"A lively investigation of the numerous connections among fascism, imagery, media, and politics . . . [Nathan's] originality of thought drives this impressive nonfiction debut . . . [He] delivers deep thinking and clever turns of phrase in equally abundant amounts, making his history lesson and philosophical discussion a page-turning good time . . . An unexpectedly entertaining scholarly warning about fascism’s spread through imagery." —Kirkus Reviews (starred review)
"In Image Control, Patrick Nathan exposes the authoritarian underpinnings of presumed neutrality in art, photographic documentation, and memorials to underscore the importance of language as a tool for anti-fascist analysis. Elegantly weaving between art and literary criticism, historical and cultural commentary, Nathan offers a hybrid practice of resistance blending philosophical investigation with an indictment of the ways consumerism, gentrification, and assimilation undermine the possibilities for challenging tyranny. With fierce wit and uncommon scrutiny, Nathan urges us to refuse the flattening lure of image-as-truth in order to pursue an incisive autonomy." —Mattilda Bernstein Sycamore, author of The Freezer Door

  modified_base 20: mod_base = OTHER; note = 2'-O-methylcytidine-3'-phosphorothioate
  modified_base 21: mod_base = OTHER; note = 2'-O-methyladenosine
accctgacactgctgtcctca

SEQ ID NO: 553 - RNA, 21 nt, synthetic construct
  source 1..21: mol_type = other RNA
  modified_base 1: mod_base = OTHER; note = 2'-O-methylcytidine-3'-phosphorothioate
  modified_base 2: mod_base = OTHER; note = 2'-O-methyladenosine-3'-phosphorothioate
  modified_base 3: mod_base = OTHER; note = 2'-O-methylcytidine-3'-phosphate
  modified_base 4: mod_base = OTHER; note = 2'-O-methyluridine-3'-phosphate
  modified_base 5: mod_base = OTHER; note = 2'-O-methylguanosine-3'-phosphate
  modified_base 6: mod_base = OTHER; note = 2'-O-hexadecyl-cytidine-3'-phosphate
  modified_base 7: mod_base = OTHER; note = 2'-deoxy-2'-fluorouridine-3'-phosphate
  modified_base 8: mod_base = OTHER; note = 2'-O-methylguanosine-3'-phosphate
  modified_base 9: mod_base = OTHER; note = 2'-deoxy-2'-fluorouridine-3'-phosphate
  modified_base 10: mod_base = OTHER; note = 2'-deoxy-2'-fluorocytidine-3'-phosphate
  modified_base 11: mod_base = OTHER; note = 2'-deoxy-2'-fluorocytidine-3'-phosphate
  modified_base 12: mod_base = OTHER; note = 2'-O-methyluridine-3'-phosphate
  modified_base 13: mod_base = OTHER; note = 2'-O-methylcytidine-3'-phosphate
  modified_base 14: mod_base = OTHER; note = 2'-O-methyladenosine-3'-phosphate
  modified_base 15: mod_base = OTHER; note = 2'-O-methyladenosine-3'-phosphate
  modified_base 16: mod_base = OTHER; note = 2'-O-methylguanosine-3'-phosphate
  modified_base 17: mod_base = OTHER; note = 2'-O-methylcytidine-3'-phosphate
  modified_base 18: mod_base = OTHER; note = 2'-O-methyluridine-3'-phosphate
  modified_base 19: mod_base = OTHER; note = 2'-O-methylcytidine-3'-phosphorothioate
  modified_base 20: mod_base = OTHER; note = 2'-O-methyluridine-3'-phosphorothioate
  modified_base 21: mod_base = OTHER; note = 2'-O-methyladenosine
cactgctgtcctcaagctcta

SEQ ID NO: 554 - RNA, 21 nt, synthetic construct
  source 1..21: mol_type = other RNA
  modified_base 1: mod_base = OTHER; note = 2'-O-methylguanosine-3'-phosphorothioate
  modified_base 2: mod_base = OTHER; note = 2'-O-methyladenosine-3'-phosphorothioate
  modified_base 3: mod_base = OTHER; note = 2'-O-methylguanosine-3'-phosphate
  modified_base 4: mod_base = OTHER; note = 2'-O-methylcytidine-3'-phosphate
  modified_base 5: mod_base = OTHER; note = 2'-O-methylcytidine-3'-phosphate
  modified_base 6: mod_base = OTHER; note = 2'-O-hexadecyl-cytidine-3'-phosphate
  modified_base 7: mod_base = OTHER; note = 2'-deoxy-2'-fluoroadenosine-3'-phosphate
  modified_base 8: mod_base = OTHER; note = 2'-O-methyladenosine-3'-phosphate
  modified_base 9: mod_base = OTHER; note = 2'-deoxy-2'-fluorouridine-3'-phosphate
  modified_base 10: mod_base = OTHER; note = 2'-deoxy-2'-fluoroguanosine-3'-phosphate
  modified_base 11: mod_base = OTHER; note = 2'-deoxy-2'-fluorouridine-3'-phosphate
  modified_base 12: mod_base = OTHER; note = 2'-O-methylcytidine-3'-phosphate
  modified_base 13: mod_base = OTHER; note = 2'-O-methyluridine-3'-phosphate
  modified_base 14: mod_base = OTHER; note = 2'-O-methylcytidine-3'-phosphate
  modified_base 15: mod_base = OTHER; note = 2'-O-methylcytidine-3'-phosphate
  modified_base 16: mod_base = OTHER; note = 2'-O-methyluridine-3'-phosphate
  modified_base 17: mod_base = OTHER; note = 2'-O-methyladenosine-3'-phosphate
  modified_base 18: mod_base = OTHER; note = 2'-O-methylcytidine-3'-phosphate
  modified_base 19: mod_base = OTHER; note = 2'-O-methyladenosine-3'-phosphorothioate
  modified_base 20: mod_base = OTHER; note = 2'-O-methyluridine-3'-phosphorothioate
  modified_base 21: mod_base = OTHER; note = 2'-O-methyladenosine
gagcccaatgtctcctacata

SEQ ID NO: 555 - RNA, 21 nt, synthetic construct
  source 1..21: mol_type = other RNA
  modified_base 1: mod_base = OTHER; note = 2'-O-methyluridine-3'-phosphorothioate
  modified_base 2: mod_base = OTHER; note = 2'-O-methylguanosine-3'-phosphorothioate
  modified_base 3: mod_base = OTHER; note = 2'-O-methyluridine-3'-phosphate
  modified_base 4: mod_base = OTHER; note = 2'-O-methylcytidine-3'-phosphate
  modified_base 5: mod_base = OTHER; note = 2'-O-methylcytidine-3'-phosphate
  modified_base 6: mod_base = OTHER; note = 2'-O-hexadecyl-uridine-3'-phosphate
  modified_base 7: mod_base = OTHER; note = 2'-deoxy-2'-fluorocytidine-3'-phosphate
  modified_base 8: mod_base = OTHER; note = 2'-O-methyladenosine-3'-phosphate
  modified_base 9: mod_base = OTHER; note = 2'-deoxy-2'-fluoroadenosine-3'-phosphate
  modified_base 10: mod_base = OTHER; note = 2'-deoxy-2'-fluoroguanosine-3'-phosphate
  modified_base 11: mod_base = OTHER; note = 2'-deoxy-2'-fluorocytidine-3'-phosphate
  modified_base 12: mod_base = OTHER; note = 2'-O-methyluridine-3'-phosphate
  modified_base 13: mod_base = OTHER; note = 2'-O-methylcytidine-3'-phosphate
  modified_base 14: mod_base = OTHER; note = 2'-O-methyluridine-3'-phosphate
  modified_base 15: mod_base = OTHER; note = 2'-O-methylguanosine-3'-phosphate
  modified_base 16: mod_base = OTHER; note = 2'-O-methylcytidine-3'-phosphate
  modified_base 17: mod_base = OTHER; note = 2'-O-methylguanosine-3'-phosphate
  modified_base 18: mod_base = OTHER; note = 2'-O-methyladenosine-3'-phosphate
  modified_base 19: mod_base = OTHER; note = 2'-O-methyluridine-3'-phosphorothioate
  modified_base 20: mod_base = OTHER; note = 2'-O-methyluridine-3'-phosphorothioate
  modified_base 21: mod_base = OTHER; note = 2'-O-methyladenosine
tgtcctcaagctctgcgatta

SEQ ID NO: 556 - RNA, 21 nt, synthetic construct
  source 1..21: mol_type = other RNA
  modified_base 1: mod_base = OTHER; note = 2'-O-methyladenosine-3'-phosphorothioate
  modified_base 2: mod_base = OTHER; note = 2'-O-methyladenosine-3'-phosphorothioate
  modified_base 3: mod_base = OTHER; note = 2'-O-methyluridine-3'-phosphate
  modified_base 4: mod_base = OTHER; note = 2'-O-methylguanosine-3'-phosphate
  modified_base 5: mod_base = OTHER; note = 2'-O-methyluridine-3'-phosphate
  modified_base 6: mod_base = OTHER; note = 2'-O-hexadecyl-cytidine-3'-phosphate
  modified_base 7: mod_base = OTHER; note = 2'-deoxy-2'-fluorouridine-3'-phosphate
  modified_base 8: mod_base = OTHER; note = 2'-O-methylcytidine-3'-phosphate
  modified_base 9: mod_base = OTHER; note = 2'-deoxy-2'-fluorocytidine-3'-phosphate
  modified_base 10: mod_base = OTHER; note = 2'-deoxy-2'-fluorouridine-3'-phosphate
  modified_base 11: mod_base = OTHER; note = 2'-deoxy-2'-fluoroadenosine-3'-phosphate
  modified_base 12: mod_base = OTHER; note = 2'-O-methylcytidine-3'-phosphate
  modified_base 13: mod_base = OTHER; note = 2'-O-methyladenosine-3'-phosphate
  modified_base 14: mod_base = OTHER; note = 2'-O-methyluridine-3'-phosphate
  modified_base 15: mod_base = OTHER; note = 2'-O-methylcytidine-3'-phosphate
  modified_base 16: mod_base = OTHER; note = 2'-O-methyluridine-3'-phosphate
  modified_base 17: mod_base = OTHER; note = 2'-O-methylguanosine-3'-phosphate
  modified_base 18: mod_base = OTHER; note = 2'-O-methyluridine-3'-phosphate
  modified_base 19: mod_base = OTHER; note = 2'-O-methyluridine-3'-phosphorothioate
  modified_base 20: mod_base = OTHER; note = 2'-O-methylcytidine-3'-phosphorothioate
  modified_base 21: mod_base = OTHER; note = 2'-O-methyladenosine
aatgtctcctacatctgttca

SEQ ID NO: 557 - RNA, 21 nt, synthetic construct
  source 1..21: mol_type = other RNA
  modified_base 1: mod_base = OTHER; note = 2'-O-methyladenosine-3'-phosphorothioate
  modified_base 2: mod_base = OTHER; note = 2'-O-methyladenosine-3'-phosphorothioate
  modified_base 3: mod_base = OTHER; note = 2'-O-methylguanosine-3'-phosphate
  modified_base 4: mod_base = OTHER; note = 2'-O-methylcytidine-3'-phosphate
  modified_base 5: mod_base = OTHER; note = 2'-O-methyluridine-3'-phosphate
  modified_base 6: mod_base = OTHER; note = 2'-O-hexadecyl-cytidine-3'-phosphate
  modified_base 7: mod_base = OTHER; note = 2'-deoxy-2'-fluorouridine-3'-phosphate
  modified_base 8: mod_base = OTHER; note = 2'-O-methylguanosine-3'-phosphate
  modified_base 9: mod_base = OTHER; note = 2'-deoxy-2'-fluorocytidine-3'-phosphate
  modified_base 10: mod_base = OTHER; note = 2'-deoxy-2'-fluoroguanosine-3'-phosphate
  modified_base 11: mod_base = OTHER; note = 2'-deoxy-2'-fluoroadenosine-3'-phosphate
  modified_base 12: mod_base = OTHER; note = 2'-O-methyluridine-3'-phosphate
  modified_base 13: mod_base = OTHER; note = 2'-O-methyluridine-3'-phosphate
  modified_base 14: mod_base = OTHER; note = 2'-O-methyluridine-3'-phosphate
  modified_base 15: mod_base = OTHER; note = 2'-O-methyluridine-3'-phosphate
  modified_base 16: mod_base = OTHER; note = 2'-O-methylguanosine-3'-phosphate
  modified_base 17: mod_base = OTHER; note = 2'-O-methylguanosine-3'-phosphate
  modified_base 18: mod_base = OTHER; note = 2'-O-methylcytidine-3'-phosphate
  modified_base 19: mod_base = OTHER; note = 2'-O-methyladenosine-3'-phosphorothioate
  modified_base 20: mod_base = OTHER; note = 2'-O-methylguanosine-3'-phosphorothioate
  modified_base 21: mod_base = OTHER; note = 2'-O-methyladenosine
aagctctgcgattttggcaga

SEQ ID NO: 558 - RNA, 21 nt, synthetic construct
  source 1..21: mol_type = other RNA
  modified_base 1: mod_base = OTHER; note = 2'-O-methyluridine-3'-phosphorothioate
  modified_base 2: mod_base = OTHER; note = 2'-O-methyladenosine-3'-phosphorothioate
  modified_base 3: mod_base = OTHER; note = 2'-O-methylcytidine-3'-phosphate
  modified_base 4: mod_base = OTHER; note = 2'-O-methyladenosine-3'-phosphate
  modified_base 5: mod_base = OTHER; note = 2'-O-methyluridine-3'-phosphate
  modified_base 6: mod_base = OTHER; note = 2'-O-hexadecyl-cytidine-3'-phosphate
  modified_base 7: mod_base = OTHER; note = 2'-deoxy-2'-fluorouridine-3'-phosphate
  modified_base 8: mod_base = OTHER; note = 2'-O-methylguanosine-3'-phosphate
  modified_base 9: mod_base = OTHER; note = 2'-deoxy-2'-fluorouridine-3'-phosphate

"Image Control is brilliant in so many ways, but perhaps the most valuable insight I encountered in Nathan's superbly written collection of essays is the knowledge that humans might begin to take control over the images they consume. We do not have to live in vacuums; we do not have to flatten the individual. Instead, we have the power to resist, to contextualize, to place other human beings within time and narrative. Image Control is a gift to those in search of enlightenment within this frightening hall of mirrors we call social media." ––Garrard Conley, author of Boy Erased
“Eloquent, angry, smart, and wildly erudite, Patrick Nathan sits down in the middle of the intersection where American loneliness, capitalism, fascism, the tyranny of the image, and the commodification of absolutely everything all meet and crash together into the disaster that we call home. Image Control is a call to arms, an urgent plea for a radically queered compassion, one that knows how—and who—to fight.” —Ben Ehrenreich, author of Desert Notebooks